Thanks to new Ultra-Low-Sulfur-Diesel fuel and the new engine’s diesel oxidation catalyst and diesel particulate filter, the new 32-valve, 6.4-liter V8 Power Stroke turbodiesel engine is the company's cleanest, quietest pickup diesel ever, with particulate (soot) emissions equivalent to a gasoline engine. The powerplant delivers 350 horsepower and a whopping 650 lb.-ft. of torque, with excellent low-end torque – including peak torque at only 2,000 rpm – thanks to dual sequential turbochargers. A high-pressure Electronic Variable Response Turbo spools up first to provide quick, lag-free response, followed by a larger low-pressure turbo that provides added airflow at peak power and torque. The effect is seamless power all through the rev range. It's also the first pickup engine in North America to use a high-precision, common-rail fuel injection system featuring piezo-electric injectors.
During our drive, we made good use of the trucks’ navigation system, especially as we neared San Antonio, where many Interstate overpasses were still closed because of ice. Although most surface roads had dried and were no longer treacherous, we engaged four-wheel drive – simply by turning a dial – for the occasional patch of ice we encountered as the nav system guided us as directly as possible to the hotel.
Ford announced during dinner that it had reorganized its program, again, and that we would still be going to the ranch – at 6:15 am the following morning. Groggy, but adhering to the new schedule, we drove to the hill-country ranch just in time for sunrise. Rather than the BBQ lunch planned for the previous day, the crew of chuck-wagon cooks whipped up a hearty breakfast, accompanied by a lively five-member Texas country band – probably their first 6:45 am gig. The surrounding landscape was absolutely stunning, still covered in ice. The sun rose and the world glistened. Thickly frozen grass crunched underfoot. Everything that had been left at the ranch overnight, such as cutaway chassis and parked trucks on display, had become surreal ice sculptures.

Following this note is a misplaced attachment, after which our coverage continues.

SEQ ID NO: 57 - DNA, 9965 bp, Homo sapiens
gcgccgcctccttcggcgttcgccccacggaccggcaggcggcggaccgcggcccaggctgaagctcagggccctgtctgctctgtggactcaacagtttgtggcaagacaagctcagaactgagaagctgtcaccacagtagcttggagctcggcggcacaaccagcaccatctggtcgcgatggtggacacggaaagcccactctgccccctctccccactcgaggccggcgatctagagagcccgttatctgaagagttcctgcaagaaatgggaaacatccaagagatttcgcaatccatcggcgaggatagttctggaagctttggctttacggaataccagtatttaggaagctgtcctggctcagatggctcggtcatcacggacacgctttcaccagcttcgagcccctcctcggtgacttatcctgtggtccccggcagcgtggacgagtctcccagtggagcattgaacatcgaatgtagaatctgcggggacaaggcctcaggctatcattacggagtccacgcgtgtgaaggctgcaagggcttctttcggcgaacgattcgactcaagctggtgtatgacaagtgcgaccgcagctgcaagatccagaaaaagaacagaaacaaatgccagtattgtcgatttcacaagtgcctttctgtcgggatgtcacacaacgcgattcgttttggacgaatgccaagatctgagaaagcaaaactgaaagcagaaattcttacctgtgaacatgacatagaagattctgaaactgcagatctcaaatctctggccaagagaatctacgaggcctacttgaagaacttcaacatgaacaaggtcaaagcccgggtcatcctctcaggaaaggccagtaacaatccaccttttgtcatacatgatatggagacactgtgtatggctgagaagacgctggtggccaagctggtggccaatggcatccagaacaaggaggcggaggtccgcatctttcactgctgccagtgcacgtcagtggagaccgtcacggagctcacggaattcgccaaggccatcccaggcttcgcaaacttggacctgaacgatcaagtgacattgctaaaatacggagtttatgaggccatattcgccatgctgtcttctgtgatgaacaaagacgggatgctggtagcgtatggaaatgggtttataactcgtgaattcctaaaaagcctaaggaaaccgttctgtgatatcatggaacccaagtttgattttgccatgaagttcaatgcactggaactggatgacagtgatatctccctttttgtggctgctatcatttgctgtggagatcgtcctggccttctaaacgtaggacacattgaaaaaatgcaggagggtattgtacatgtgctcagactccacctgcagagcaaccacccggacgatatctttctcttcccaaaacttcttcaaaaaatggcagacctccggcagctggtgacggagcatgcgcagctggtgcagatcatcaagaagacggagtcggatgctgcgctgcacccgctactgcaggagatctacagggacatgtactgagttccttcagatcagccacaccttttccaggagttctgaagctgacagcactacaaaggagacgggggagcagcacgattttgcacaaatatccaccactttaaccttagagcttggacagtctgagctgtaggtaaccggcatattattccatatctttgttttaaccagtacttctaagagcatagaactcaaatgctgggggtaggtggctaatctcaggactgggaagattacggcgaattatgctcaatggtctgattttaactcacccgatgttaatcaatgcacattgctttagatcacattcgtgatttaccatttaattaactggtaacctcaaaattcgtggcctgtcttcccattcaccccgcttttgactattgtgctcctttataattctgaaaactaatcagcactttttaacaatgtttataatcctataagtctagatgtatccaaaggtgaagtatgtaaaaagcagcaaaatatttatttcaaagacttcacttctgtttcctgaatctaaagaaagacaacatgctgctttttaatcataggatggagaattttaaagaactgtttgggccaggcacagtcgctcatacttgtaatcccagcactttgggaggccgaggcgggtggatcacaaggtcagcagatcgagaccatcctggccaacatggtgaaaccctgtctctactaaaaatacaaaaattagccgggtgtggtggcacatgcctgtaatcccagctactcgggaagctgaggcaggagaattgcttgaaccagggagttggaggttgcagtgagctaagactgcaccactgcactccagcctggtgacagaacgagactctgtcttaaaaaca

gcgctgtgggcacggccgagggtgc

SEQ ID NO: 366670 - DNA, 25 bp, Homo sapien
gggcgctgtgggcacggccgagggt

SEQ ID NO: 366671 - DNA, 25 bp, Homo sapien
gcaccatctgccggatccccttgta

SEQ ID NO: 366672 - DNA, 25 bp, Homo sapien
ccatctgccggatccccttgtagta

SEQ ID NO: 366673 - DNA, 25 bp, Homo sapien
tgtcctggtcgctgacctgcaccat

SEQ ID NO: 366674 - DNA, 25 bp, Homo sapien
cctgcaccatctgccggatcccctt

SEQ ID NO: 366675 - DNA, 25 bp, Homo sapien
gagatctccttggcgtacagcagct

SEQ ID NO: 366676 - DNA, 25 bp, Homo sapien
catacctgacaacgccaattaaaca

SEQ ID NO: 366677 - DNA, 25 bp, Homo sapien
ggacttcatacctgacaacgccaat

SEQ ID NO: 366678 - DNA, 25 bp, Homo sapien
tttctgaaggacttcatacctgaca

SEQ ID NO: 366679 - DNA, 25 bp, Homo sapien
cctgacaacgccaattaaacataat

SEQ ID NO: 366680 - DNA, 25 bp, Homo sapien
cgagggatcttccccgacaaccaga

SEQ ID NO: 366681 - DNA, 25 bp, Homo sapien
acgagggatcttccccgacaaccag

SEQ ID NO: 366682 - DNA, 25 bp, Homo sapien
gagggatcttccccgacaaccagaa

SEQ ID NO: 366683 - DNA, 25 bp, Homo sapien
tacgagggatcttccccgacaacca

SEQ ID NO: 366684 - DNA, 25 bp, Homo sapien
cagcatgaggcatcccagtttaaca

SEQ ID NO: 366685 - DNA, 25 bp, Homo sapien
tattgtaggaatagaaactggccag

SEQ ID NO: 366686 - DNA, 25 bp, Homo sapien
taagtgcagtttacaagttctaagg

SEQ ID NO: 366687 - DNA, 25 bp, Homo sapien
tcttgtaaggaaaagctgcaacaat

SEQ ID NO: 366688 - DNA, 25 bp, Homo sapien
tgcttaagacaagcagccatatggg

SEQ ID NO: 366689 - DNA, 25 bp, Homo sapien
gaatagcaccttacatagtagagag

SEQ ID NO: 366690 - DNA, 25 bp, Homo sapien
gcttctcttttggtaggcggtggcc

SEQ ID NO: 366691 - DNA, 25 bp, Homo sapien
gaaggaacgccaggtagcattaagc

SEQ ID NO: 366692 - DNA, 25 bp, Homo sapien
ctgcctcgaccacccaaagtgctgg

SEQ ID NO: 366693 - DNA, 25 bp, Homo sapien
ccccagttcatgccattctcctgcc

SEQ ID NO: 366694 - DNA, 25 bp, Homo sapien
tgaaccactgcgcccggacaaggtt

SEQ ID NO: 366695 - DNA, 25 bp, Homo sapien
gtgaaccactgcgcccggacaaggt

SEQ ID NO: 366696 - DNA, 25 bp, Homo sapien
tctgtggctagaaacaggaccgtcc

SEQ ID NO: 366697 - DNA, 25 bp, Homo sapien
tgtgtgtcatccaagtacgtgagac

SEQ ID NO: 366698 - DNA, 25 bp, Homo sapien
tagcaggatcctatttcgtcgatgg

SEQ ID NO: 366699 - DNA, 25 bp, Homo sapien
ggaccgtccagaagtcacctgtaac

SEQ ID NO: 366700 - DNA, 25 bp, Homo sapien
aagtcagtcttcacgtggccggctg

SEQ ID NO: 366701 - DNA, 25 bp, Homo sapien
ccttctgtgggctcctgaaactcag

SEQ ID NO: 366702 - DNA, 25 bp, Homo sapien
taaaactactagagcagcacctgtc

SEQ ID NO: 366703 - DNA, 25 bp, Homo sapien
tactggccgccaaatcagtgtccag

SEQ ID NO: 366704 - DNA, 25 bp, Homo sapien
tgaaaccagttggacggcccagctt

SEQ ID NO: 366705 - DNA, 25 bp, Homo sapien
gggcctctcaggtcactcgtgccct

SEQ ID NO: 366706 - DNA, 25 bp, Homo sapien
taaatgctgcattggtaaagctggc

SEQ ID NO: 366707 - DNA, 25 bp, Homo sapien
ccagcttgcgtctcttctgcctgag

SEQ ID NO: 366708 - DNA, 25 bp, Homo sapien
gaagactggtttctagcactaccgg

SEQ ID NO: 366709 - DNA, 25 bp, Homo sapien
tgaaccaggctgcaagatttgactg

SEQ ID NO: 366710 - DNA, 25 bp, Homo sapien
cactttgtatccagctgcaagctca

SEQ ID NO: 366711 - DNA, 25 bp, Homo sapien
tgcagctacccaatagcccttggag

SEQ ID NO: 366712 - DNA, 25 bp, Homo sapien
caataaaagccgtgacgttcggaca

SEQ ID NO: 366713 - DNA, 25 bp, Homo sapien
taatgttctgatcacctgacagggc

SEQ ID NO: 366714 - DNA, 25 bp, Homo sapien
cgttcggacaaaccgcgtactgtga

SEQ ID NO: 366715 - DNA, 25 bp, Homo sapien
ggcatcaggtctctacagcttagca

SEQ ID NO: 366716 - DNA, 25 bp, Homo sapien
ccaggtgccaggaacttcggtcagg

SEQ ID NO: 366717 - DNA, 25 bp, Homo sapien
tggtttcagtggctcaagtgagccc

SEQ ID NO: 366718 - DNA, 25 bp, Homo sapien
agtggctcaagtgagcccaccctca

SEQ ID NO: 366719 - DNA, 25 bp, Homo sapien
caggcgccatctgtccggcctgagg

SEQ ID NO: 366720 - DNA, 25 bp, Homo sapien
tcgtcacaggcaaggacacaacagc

A small fleet of trailers for towing demonstrations had settled into deep, thick mud. But the show must go on, and so it did. We were all surprised at the ease in which the 4x4 Super Duty trucks simply pulled the heavy trailers directly out of the goo. Freeing the trailers gave us a chance to test-drive a hilly paved-road route towing a variety of different weights, ranging from a 10,000-lb. box trailer to an 18,000-lb. fifth-wheel RV.
The Power Stroke's abundant torque became our best friend once again as acceleration from a standstill and full-throttle passing power were smooth and reassuringly easy, regardless of which trailer we were towing. Sure, we could tell there were a few extra tons of weight behind us, but the truck’s response and ease of driving were exactly what we would want for a relaxed, long-distance journey. At the end of the shift lever, the selectable tow-haul mode adjusts transmission to match towing and driving conditions. When descending hills, the TowCommand system helps to maintain speed by engaging engine braking or downshifting as necessary. Unlike some “Tow” systems that just seem to lock the transmission out of top gear, the Ford TowCommand actively seemed to anticipate what we needed, helping to improve throttle response, reduce gear hunting and utilizing each of the five gears appropriately.
In addition, each test truck was equipped with a redesigned integrated Trailer Brake Controller (TBC). Ford has engineered their new factory-installed TBC to be part of the truck’s own computer network, using braking input, vehicle speed and ABS logic to balance the performance of the truck brakes and electric trailer brakes. The driver can adjust the truck/trailer brake balance and sensitivity, shown in a gain/output digital display.
Through the Mud
The Ford team borrowed a nearby construction site to create an off-road torture course, which became a slimy, muddy bog. We drove an F-250 with FX4 Off-Road package and venerable 362-hp 6.8-liter V-10 Triton gas engine through the deep water, thick mud and over rocky mounds and failed to get it stuck. The FX4 Off-Road package includes such items as limited-slip rear axle, specially tuned shocks, skid plates, wheel upgrades, body-colored grille and more.